Ice Cream’s Jewish Innovators
Jews have pioneered the premium ice cream craze for 40 years, from Häagen-Dazs to Ben & Jerry’s and beyond
But Herrell didn’t stay out of the business for long: He opened Herrell’s ice cream parlor in Northampton, Mass., in 1980—that’s where I caught up with him, chatting in one of his store’s wooden booths while a scooper behind the counter mixed Heath Bar pieces into malted vanilla ice cream for me.
I asked Herrell how he felt now that his idea for “mix-ins” had spread throughout the country, with little financial benefit to him. “Good,” he told me. “I feel it is very rewarding that people love so much what I have done. I can barely handle this small business with bookkeeping, personnel, and a landlord. Fortunately, it is for me balanced off by seeing and talking to happy customers, seeing people enjoying their sundaes and shakes.”
Herrell also influenced another important Jewish ice cream company: One day in the mid-’70s, Ben Cohen and Jerry Greenfield came to watch Herrell chop up Heath Bars and Oreos and mix them into ice cream. “Steve pioneered the rejuvenation of homemade ice cream and mix-ins,” said Greenfield.
Inspired by what they saw, Cohen and Greenfield opened their first Ben & Jerry’s ice cream parlor in 1978 in Burlington, Vt., in a converted gas station. “At first we incorporated mix-ins; then we realized that we weren’t very good at it,” said Greenfield. “We muddled through for a while, and then we made flavored mix-ins like Oreo mint and vanilla Heath Bar crunch.”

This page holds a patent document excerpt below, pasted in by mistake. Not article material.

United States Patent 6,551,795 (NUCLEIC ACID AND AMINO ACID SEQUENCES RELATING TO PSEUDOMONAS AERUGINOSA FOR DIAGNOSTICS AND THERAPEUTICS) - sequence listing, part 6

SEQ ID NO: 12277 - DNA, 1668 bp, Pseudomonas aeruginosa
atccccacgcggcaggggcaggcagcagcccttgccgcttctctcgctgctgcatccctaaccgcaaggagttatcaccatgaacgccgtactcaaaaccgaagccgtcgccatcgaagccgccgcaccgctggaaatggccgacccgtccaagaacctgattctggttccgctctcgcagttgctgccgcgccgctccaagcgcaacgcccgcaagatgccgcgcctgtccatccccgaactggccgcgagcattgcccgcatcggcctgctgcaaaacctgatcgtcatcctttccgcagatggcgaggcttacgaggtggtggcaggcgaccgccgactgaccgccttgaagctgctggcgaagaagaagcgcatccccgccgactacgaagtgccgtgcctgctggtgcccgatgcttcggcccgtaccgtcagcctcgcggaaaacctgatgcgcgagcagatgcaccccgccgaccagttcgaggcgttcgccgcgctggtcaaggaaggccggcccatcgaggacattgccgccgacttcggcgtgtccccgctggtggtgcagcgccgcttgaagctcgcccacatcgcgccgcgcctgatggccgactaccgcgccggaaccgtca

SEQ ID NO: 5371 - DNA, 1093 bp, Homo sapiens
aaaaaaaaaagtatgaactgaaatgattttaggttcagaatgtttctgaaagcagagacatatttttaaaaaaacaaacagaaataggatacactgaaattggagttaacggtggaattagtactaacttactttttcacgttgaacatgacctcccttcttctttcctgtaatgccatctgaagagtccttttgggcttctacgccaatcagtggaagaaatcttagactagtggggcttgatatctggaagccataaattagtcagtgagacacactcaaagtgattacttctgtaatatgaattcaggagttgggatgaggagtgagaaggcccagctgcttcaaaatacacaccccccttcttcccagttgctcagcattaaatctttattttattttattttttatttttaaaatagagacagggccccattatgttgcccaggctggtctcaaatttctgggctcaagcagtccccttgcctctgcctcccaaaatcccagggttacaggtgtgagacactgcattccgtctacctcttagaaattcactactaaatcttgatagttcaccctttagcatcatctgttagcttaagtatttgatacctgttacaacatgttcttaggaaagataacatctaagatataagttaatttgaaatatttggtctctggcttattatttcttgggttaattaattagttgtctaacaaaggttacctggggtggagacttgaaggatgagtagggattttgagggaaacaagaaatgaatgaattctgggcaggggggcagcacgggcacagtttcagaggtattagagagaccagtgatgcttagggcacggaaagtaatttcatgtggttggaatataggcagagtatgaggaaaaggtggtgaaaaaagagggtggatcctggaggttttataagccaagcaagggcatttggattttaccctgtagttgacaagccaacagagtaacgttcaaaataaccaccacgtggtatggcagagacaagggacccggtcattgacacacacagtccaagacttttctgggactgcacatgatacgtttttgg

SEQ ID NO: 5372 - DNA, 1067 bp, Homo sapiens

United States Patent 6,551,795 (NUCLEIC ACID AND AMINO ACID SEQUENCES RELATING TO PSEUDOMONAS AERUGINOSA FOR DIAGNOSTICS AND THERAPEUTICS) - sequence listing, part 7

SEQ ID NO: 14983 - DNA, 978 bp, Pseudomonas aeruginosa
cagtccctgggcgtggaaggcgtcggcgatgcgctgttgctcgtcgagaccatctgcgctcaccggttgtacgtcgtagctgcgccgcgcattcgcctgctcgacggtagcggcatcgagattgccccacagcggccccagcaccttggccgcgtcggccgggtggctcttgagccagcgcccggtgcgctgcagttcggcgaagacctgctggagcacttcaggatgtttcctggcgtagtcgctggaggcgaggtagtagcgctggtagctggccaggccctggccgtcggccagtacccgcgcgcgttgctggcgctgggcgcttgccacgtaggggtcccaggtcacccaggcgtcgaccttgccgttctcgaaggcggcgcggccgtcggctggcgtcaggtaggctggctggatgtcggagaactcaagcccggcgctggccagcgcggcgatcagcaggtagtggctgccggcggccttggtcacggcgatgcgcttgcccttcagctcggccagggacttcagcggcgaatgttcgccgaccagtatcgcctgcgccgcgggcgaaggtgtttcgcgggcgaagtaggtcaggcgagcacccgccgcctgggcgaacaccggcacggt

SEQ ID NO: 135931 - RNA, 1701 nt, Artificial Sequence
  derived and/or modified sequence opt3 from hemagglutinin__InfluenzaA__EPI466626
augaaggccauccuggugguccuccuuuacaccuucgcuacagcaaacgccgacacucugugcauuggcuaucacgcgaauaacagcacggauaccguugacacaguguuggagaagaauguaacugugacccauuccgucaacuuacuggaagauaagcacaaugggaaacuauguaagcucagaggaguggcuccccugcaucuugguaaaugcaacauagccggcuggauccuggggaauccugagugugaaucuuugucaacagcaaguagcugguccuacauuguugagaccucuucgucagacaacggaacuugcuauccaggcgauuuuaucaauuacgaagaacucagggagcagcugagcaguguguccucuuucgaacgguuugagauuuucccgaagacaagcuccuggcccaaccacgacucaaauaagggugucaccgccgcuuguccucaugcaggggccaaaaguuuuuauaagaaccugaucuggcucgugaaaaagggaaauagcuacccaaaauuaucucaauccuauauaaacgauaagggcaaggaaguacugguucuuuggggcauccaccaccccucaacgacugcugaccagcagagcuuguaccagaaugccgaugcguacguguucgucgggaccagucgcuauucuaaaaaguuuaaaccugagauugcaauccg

Brown, the food writer, sees Herrell and Cohen and Greenfield as part of a larger trend: “A lot of ice cream businesses were started by baby boomers,” she said, “back when the baby boomers were young hippies and a lot of their parents helped them get the businesses going.”
Chozen, the latest in the line of Jewish ice cream companies, is also a family affair, only this time the mom stayed involved. “My two daughters were sitting and eating frozen rugelach one night, and one of them said, ‘Wouldn’t that taste good in ice cream?’ ” said Ronne Fisher, co-founder and chief “flavor officer” of Chozen. After a weeklong course at ice cream university to learn the basics, she bought a machine and started making ice cream with rugelach, matzo, halva, babka—all kosher and dairy. “These delicious flavors are typically Jewish and Eastern European,” she said, noting that flavors on the horizon include blueberry blintz and matzo kugel.
The Fishers don’t see themselves as a mass-market producer, though. “I think we are a niche business,” Ronne Fisher continued. “We have no aspiration to be Häagen-Dazs. It’s just the two of us. We love it. We are small. Our hope is to bring smiles to people’s faces.”
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